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Abstract Title:

Calea zacatechichi dichloromethane extract exhibits antidiarrheal and antinociceptive effects in mouse models mimicking irritable bowel syndrome.

Abstract Source:

Naunyn Schmiedebergs Arch Pharmacol. 2015 Oct ;388(10):1069-77. Epub 2015 Jun 12. PMID: 26068703

Abstract Author(s):

M Sałaga, A Kowalczuk, M Zielinska, A Błażewicz, J Fichna

Article Affiliation:

M Sałaga

Abstract:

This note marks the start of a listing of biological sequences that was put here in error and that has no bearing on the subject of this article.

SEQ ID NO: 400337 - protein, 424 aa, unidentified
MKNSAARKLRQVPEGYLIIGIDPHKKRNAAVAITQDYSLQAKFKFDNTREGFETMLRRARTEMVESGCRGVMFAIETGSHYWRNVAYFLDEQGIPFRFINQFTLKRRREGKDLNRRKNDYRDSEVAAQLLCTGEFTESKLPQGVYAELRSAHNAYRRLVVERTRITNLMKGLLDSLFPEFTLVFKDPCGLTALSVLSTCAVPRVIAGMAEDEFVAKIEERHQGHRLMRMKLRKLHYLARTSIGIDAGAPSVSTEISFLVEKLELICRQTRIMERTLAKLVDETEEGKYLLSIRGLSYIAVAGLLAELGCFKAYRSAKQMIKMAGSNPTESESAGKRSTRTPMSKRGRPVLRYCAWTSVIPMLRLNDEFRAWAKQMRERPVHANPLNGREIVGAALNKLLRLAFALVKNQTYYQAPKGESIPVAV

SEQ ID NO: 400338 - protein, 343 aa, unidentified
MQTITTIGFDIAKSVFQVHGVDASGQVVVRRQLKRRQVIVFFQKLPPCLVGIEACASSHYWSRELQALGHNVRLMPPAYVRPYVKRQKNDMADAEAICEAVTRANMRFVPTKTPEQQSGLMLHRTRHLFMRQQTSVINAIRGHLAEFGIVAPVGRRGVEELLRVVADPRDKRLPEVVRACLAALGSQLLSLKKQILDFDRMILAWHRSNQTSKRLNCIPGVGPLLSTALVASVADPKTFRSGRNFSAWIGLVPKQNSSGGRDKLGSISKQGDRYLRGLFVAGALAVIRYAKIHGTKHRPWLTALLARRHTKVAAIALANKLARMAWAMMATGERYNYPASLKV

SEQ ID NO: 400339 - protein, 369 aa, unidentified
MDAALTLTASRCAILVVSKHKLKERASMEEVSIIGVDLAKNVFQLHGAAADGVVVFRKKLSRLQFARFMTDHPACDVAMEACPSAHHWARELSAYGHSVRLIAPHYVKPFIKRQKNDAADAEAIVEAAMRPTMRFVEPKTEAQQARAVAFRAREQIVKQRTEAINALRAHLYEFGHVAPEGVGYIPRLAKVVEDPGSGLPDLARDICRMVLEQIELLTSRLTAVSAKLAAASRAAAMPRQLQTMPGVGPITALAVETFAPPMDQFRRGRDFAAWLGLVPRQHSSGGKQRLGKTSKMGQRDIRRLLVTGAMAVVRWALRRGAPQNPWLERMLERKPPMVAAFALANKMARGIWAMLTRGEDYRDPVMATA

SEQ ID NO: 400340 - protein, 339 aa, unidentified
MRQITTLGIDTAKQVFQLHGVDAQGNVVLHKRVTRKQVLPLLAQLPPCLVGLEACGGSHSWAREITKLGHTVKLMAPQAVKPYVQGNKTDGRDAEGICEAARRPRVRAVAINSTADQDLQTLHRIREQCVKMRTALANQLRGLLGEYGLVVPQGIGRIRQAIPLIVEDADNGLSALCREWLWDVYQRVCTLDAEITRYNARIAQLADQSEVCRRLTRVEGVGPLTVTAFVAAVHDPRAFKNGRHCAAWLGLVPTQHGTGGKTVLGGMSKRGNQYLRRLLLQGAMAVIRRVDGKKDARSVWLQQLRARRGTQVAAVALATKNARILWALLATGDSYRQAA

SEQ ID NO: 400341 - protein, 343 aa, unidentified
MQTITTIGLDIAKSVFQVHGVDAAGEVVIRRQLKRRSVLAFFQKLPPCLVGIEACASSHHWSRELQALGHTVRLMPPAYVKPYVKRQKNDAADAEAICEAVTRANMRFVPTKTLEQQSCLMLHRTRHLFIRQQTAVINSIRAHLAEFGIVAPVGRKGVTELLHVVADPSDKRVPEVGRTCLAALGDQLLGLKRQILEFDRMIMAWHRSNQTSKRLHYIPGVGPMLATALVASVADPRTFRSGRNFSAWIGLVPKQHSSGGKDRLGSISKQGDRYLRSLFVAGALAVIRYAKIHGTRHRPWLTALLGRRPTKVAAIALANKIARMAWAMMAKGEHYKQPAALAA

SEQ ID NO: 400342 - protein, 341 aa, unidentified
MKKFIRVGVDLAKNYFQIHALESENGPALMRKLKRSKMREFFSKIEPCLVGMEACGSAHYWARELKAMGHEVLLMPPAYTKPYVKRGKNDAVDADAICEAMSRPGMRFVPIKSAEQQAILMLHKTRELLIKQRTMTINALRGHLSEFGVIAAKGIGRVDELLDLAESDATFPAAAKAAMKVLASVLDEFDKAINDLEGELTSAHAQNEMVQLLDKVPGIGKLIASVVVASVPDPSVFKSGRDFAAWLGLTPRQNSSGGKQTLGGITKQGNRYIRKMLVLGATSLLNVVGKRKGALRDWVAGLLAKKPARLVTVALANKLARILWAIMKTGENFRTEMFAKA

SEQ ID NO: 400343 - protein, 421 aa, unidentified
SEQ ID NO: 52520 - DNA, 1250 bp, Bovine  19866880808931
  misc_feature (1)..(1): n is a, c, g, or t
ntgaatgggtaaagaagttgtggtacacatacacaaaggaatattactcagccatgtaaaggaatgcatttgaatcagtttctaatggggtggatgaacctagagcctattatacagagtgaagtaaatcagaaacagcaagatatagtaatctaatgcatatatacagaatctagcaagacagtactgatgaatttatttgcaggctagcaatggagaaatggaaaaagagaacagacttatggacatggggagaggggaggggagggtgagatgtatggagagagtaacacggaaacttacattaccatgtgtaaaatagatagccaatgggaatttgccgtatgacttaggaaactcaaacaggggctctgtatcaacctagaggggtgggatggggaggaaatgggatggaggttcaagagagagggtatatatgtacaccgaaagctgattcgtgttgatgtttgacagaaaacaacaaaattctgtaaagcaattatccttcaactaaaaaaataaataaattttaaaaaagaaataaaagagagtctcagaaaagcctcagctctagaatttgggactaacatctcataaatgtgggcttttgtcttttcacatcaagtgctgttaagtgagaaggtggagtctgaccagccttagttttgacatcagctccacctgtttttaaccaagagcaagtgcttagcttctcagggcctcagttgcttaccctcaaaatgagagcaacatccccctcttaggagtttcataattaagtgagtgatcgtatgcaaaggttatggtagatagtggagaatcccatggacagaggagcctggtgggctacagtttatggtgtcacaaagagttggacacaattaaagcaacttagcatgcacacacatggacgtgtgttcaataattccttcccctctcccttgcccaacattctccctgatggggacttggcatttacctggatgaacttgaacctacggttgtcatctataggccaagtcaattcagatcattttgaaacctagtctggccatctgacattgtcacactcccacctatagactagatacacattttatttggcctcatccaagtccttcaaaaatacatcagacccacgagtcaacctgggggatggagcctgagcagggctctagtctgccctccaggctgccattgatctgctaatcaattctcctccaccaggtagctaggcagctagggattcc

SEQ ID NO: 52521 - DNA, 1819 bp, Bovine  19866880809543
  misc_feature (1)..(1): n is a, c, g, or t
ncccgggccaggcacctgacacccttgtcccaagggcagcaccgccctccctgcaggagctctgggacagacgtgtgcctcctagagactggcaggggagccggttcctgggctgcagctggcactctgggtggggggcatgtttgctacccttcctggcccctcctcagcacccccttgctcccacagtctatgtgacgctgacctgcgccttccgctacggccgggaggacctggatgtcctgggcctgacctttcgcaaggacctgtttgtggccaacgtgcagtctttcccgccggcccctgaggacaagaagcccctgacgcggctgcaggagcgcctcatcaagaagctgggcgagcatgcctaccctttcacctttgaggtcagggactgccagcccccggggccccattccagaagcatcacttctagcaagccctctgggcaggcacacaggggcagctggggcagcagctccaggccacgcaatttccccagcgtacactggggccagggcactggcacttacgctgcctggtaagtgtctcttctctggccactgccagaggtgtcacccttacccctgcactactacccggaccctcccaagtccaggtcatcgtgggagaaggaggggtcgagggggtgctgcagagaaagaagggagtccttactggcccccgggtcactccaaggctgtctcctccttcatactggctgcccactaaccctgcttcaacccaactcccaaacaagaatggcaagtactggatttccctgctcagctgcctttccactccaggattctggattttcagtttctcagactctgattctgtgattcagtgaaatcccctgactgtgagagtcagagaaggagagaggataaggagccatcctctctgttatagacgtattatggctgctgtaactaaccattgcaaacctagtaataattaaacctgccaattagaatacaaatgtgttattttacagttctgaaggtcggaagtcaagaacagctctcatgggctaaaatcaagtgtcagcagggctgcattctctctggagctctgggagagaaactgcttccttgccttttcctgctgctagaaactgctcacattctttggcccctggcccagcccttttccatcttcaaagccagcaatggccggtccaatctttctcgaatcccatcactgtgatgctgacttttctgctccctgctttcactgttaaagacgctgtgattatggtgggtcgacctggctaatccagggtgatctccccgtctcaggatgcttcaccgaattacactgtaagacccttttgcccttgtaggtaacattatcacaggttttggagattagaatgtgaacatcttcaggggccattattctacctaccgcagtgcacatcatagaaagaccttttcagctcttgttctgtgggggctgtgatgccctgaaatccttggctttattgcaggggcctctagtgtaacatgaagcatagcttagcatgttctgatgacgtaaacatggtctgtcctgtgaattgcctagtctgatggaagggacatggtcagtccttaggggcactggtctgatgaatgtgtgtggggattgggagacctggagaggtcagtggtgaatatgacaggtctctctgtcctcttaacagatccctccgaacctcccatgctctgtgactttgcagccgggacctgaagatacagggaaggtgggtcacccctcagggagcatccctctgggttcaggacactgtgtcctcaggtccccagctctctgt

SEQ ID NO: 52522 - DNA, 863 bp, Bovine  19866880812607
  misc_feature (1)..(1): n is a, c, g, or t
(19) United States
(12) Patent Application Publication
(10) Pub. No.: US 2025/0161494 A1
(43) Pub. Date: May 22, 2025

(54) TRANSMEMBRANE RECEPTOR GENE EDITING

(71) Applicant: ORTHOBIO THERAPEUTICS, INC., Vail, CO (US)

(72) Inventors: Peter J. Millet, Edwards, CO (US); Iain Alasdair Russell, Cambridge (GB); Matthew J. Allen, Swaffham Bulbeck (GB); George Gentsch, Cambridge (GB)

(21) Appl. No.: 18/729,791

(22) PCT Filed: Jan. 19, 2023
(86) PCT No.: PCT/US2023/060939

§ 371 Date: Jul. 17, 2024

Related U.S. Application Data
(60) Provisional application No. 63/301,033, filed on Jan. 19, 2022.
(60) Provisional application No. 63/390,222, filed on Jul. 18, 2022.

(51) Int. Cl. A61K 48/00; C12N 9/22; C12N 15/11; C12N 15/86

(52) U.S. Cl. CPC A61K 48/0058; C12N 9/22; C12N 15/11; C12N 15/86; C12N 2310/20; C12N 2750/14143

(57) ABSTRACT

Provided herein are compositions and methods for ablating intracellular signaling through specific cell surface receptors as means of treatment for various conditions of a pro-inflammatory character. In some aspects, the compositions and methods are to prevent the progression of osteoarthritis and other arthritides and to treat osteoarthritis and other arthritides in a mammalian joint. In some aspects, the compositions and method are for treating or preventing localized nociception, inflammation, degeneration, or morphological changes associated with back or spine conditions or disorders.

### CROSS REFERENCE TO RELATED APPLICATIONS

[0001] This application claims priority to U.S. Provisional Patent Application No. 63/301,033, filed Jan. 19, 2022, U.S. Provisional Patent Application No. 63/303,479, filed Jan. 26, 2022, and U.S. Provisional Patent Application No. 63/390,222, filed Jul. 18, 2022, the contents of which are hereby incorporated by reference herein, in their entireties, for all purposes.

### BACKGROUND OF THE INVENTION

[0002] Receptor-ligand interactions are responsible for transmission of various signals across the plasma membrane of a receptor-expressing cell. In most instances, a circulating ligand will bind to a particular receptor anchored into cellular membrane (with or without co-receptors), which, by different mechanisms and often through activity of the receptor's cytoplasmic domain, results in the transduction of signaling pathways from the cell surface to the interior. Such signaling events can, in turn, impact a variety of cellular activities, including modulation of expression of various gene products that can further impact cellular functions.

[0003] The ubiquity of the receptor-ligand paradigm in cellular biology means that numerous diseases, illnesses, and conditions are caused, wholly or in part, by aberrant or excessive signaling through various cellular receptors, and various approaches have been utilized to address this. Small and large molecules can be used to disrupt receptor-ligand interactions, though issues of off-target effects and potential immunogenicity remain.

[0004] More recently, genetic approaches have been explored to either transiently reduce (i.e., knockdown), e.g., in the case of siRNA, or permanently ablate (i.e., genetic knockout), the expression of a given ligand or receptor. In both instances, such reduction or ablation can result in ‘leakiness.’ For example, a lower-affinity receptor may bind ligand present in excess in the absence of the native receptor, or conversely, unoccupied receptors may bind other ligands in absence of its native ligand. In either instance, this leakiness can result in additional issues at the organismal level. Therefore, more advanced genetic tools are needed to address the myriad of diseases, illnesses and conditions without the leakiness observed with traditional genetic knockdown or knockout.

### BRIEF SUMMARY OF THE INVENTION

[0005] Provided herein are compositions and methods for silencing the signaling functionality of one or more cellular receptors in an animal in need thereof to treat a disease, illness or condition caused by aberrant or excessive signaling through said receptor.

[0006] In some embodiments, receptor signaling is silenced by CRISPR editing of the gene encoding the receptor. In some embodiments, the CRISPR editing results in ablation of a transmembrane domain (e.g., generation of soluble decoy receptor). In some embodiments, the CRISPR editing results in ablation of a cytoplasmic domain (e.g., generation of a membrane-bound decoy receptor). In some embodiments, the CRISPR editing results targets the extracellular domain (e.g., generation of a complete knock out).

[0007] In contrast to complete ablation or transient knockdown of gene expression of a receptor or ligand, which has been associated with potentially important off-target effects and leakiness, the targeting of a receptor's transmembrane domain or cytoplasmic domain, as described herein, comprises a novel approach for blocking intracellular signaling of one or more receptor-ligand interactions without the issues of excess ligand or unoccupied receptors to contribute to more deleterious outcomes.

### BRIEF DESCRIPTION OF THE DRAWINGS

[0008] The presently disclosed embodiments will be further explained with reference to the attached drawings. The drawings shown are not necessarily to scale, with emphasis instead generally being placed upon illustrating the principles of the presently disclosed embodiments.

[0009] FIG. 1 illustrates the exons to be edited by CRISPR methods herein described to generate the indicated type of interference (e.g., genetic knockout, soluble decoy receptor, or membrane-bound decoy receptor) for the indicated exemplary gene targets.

Calea zacatechichi Schltdl. (Asteraceae alt. Compositae) is a Mexican plant commonly used in folk medicine to treat respiratory and gastrointestinal (GI) disorders. The objective of this study is to characterize the effect of C. zacatechichi extracts in mouse models mimicking the symptoms of irritable bowel syndrome (IBS). Powdered C. zacatechichi herb (leaves, stems, and flowers) was extracted with methanol. Methanolic extract was filtered and evaporated giving methanolic fraction. The residue was extracted with dichloromethane (DCM). Methanolic and DCM (200 mg/kg, per os) extracts were screened for their effect on GI motility in several in vitro tests, and the antidiarrheal and antinociceptive effects were assessed using mouse models. The influence of the DCM extract on motoric parameters and exploratory behaviors was also assessed. Finally, the composition of C. zacatechichi DCM extract was qualitatively analyzed using liquid chromatography-mass spectrometry (LC-MS) method. C. zacatechichi DCM extract significantly inhibited the contractility of mouse colon in vitro (IC50 = 17 ± 2 μg/ml). Administration of the DCM extract in vivo (200 mg/kg, per os) significantly prolonged the time of whole GI transit (46 ± 1 vs. 117 ± 27 min for control and DCM-treated animals, respectively; P = 0.0023), inhibited hypermotility, and reduced pain in mouse models mimicking functional GI disorders. Our findings suggest that constituents ofthe C. zacatechichi DCM extract exhibit antidiarrheal and analgesic activity. The extract may thus become an attractive material for isolation of compounds that may be used as a supplementary treatment for pain and diarrhea associated with IBS in the future.

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